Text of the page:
Ghana’s Strengthening Accountability Mechanisms (GSAM) Project is a five-year United States Agency for International Development (USAID) project that seeks to strengthen citizens’ oversight of capital development projects to improve local government transparency, accountability and performance.
Through support to local Civil Society Organizations (CSOs) for intense monitoring and dissemination of information on capital development projects of District Assemblies, the GSAM project enables citizens to hold their local authorities accountable.
CARE International in Ghana, IBIS in Ghana and Integrated Social Development Centre (ISODEC) are working together as a Consortium to implement the project in 100 districts from 2014 to 2019.
Studies have shown that citizens are poorly informed on local governance processes and the performance of their district assemblies. They have limited opportunities for independent assessment of the performance of their respective Assemblies. This creates an atmosphere for corruption, inefficiency and poor service delivery.
The GSAM project has thus designed an appropriate response to help bridge the information and accountability gaps, especially at the local level, by increasing information flow to citizens on District Assembly processes, particularly the planning and execution of capital development projects; and creating avenues for citizen monitoring, assessment and feedback.
The project contributes directly to Development Objective One (1) of the USAID Ghana Mission’s Country Development Cooperation Strategy – Strengthened Responsive, Democratic Governance. Under this overarching objective, the project will contribute specifically to two of three intermediate results: Improved Local Governance Performance and Increased Government Accountability to Better-Informed Citizens.
Key Components of GSAM
Information & Advocacy Campaigns
Through radio, town hall meetings, focus groups interactions, project performance bulletins, among others, citizens are informed about the performance of their district assemblies in the following areas:
- Planning and budgeting of capital development projects;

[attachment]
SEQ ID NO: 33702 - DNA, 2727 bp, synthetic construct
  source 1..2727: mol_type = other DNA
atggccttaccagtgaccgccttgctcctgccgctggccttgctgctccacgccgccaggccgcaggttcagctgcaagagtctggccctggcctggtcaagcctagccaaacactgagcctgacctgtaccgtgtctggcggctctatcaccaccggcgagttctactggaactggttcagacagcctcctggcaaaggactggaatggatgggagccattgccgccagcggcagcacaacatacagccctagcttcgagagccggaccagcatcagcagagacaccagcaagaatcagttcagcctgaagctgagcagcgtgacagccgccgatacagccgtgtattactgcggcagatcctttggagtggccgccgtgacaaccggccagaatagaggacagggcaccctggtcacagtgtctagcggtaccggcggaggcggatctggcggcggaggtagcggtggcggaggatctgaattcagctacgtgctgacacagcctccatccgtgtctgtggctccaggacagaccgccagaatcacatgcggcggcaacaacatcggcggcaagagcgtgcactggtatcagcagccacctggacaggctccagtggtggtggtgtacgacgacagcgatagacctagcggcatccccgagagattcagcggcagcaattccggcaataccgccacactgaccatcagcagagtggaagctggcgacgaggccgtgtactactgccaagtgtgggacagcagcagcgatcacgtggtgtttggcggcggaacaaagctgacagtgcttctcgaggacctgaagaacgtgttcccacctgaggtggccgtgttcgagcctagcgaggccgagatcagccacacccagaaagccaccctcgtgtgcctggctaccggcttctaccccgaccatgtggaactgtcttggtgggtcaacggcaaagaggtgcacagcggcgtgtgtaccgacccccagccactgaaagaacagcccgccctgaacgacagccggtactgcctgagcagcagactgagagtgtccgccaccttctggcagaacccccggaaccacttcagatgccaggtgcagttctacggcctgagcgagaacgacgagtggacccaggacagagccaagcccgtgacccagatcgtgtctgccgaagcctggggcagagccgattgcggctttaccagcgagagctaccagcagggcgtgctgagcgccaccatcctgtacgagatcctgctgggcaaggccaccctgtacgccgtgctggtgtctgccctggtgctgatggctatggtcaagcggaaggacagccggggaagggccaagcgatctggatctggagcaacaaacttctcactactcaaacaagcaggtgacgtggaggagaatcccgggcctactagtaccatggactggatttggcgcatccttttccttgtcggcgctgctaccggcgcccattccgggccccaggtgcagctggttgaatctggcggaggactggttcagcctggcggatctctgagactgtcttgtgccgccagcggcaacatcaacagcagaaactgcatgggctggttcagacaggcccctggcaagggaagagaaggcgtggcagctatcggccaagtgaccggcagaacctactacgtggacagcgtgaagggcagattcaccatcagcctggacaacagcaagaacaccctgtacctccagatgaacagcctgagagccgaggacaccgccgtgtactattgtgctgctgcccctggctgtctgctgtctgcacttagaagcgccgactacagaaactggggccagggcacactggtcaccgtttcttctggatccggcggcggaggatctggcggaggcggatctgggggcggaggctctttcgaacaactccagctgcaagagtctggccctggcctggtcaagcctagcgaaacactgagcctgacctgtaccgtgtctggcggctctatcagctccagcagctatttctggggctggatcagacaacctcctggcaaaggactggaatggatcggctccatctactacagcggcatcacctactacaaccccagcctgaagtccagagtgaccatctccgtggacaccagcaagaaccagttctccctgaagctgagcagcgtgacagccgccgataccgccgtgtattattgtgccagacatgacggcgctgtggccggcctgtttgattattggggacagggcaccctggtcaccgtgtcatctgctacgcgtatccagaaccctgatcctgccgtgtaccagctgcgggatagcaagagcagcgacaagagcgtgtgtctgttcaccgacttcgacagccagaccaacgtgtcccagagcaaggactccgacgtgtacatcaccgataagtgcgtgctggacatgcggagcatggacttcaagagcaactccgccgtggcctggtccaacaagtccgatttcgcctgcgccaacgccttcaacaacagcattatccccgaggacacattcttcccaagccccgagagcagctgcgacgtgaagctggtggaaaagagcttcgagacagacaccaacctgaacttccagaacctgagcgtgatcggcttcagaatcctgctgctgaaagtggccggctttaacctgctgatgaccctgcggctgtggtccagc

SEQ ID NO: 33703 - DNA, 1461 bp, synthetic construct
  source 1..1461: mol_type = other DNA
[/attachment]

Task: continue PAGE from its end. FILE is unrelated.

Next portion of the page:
- Selection of contractors and service providers;
- Award of contracts;
- Implementation; and
- All relevant details, etc.
This allows citizens to independently monitor and assess the performance of their respective Assemblies and be stimulated to participate in District Assembly processes and therefore demand improved performance and service delivery.
CSO-led Citizen Monitoring & Oversight
The project uses scorecards and citizen report cards to enable CSOs and citizens measure the performance of their District Assemblies. In addition, the CSOs are supported to monitor and document the progress of District Assembly capital development projects using information, communication and technology tools. The project has established an e-platform, gsamproject.org, to aggregate information from the CSO monitoring as well as the scorecards for the purposes of analysis and dissemination.
A key component of the project is the capacity building and technical assistance provided for CSOs to enable them conduct intense and focused monitoring, advocacy and information campaigns as they relate to the planning and execution of capital projects. CSOs are trained on the use of digital cameras to monitor the progress and quality of capital projects and how to systematically gather data on capital projects in order to maximise their reliability.
The GSAM project is expected to contribute significantly towards improving (engendering) accountable and responsive local governance, as a result of increased civil society participation and oversight of capital development projects. This should lead to improved service delivery and, ultimately, improved standards of living for citizens in the 100 project districts.
The project would also contribute to building stronger Civil Society Organisations capable of monitoring capital development projects and leading citizens to demand improved governance. In addition, citizens would become better-informed and empowered to participate effectively in local development, thereby promoting participatory local governance.
Key Stakeholders & Partners
Apart from the CSOs who are implementing the GSAM project in the 100 districts, the Consortium is also working with key governance institutions that have a mandate and constitutional obligation in Ghana’s decentralization and experience in local governance processes. They are the National Development Planning Commission (NDPC), Ministry of Local Government and Rural Development, Local Government Service Secretariat (LGSS) and Institute of Local Governance Studies (ILGS). The National Association of Local Authorities of Ghana (NALAG) is also a key stakeholder in this project.
These key stakeholders, the Consortium and USAID make up the national-level Advisory Committee, which is responsible for oversight and reviewing performance management of the GSAM project.
In addition, the Consortium has forged a partnership with Regional Coordinating Councils (RCCs), District Assemblies (DAs), the media and other regional and district-level political actors and administrative structures for a smooth implementation of the project and to sustain the gains made.